Two years after the start of the COVID-19 pandemic, the need for behavioral health care may be at an all-time high.

Depression, anxiety and other mental and behavioral health disorders are being diagnosed at rates much higher than years prior. For example, the number of adults who reported an anxiety or depression disorder grew from 36% to almost 42% between August 2020 and February 2021, and those who reported an unmet mental health care need increased from 9% to 12%, according to the U.S. Centers for Disease Control and Prevention (CDC).[i]

Recent studies show that increased isolation, lack of social engagement and financial struggles are driving these increases.

In North Carolina, things are no different. The state ranks 38th nationally in access to mental health care, and an estimated 51.9% of youth who undergo a major depressive episode do not receive the treatment they need. [ii] Out of its 100 counties, 27 have no psychiatrist at all and 69 are without any child psychiatrists.[iii]

The behavioral health crisis, which has been deemed a “second pandemic,” is disproportionately affecting the state’s rural areas, where residents often face even more barriers to care and inadequate access to behavioral health resources . According to North Carolina Governor Roy Cooper, this is an issue that is only expected to “worsen as we witness the pandemic’s full impact.”

To address the behavioral health crisis in North Carolina, Blue Cross and Blue Shield of North Carolina (Blue Cross NC) is committing $1 million to improve access to quality behavioral health care treatment and services. Blue Cross NC is accepting funding proposals for community-based initiatives that improve access to high-quality, evidence-based treatment for adults and children with behavioral health disorders in rural and underserved communities.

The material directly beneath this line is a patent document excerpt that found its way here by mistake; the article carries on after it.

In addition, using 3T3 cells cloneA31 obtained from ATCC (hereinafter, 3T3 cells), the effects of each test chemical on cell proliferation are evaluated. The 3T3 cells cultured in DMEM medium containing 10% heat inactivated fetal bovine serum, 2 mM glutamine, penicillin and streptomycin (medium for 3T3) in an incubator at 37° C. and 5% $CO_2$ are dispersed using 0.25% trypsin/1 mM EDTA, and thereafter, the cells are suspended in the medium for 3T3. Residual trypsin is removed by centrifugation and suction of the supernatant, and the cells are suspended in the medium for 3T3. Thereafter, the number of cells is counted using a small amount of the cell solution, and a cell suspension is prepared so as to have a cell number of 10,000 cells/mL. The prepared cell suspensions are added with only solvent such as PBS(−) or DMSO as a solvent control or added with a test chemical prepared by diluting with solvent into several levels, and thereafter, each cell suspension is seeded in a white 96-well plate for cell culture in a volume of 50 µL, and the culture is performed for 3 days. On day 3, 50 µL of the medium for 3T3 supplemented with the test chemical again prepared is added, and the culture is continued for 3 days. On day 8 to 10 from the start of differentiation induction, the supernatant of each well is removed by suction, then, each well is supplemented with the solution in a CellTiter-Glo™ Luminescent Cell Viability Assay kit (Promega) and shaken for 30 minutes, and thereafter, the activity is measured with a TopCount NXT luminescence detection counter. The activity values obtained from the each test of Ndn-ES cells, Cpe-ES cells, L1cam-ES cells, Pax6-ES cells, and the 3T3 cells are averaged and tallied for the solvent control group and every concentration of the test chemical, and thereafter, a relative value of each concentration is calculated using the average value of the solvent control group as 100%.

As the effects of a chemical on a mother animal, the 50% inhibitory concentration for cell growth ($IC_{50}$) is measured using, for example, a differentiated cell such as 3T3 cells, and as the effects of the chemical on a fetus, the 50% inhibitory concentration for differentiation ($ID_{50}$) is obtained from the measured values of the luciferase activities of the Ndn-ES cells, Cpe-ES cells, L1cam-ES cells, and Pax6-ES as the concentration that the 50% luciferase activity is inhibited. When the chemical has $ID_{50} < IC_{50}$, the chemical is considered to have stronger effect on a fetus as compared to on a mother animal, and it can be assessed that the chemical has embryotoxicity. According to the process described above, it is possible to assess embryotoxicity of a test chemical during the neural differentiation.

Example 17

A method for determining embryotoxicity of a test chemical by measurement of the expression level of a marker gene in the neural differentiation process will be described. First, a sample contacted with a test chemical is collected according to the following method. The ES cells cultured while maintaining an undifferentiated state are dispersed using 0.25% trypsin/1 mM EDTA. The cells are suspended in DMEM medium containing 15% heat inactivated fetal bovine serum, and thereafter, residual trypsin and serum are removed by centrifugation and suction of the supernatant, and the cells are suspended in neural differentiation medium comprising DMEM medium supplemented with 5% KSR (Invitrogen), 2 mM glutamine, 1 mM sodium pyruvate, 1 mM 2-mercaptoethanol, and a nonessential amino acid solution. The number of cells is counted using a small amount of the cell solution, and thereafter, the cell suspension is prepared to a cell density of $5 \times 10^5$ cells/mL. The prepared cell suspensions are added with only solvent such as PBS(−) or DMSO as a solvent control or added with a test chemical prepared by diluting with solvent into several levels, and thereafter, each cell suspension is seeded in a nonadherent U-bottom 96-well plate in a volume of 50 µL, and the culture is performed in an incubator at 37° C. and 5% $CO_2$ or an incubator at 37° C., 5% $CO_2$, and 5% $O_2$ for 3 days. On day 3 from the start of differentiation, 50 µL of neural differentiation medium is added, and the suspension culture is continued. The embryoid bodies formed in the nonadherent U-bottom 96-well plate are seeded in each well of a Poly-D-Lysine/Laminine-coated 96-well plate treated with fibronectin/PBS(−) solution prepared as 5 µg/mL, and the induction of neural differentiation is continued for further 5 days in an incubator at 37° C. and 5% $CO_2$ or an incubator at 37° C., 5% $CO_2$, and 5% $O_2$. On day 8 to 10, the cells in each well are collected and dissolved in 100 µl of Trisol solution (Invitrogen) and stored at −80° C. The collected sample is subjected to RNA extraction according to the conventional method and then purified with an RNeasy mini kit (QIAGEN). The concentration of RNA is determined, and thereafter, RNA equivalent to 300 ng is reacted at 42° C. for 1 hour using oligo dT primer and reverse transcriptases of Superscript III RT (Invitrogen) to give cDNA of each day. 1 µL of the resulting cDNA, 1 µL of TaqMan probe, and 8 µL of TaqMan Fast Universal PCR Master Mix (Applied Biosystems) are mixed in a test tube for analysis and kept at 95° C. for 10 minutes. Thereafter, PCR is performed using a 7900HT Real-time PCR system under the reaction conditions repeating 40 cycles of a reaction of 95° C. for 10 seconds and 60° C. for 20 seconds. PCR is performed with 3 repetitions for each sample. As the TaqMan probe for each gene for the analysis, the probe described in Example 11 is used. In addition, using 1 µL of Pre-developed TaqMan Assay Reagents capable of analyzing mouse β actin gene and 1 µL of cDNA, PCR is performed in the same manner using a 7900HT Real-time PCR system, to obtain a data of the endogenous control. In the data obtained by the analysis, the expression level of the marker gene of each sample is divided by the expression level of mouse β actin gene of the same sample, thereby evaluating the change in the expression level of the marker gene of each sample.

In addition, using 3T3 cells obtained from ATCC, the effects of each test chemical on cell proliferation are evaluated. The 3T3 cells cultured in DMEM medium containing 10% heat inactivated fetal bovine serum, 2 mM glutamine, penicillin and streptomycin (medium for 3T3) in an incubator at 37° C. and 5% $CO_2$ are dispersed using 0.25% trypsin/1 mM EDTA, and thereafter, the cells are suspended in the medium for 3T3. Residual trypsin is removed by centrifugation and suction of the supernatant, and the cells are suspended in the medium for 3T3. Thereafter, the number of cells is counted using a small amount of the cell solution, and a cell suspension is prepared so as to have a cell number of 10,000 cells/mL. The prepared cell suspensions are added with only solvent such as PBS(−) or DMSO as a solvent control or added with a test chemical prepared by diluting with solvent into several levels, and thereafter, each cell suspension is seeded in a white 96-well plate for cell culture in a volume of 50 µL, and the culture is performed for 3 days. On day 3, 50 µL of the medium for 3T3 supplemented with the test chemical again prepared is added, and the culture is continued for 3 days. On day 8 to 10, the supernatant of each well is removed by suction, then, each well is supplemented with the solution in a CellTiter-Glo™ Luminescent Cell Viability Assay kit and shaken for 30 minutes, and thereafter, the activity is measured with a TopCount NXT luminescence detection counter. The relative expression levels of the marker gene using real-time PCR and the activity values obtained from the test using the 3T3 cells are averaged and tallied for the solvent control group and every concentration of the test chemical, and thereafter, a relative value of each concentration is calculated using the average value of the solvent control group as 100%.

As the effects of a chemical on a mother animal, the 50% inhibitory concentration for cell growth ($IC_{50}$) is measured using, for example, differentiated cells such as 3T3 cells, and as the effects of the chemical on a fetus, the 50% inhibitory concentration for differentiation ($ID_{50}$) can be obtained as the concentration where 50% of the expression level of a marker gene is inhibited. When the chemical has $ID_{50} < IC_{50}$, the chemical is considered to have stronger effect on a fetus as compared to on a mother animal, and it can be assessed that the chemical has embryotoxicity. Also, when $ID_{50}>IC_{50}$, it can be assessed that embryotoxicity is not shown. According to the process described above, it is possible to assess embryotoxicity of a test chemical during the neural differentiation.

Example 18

“We’re in a behavioral health emergency where our most socially vulnerable communities are being hardest hit,” said Dr. Nora Dennis, lead medical director of behavioral health & health equity at Blue Cross NC. “This isn’t a problem with a simple solution, and we can’t address this crisis by working in silos. This is a statewide emergency that demands a collaborative approach focusing on access, affordability and quality care."

This effort reflects Blue Cross NC’s commitment to improving the health and well-being of all North Carolinians by prioritizing a whole-person care, which addresses both physical and behavioral health. It’s part of the company’s work to drive health equity and advance diversity, equity and inclusion across the state.

“Our goal is to improve access to behavioral health care in these communities by 25% in five years,” said Dr. Dennis. “We believe we can achieve this by working with organizations dedicated to addressing medical deserts and improving health outcomes across the state.”

Non-profit organizations and public health entities in North Carolina can submit proposals between now and March 18, 2022 and must include a plan for sustainability beyond the funding period. More details on eligibility, the application process and informational sessions can be found here.

Beyond committing to this funding, Blue Cross NC will continue its work integrating behavioral health across the health care system. This includes bridging the gap between primary care doctors and behavioral health specialists by expanding its network of providers and ensuring their access to the resources and tools they need to treat their patients.


[i] Vahratian A, Blumberg SJ, Terlizzi EP, Schiller JS. Symptoms of Anxiety or Depressive Disorder and Use of Mental Health Care Among Adults During the COVID-19 Pandemic — United States, August 2020–February 2021. MMWR Morb Mortal Wkly Rep 2021;70:490–494. DOI: icon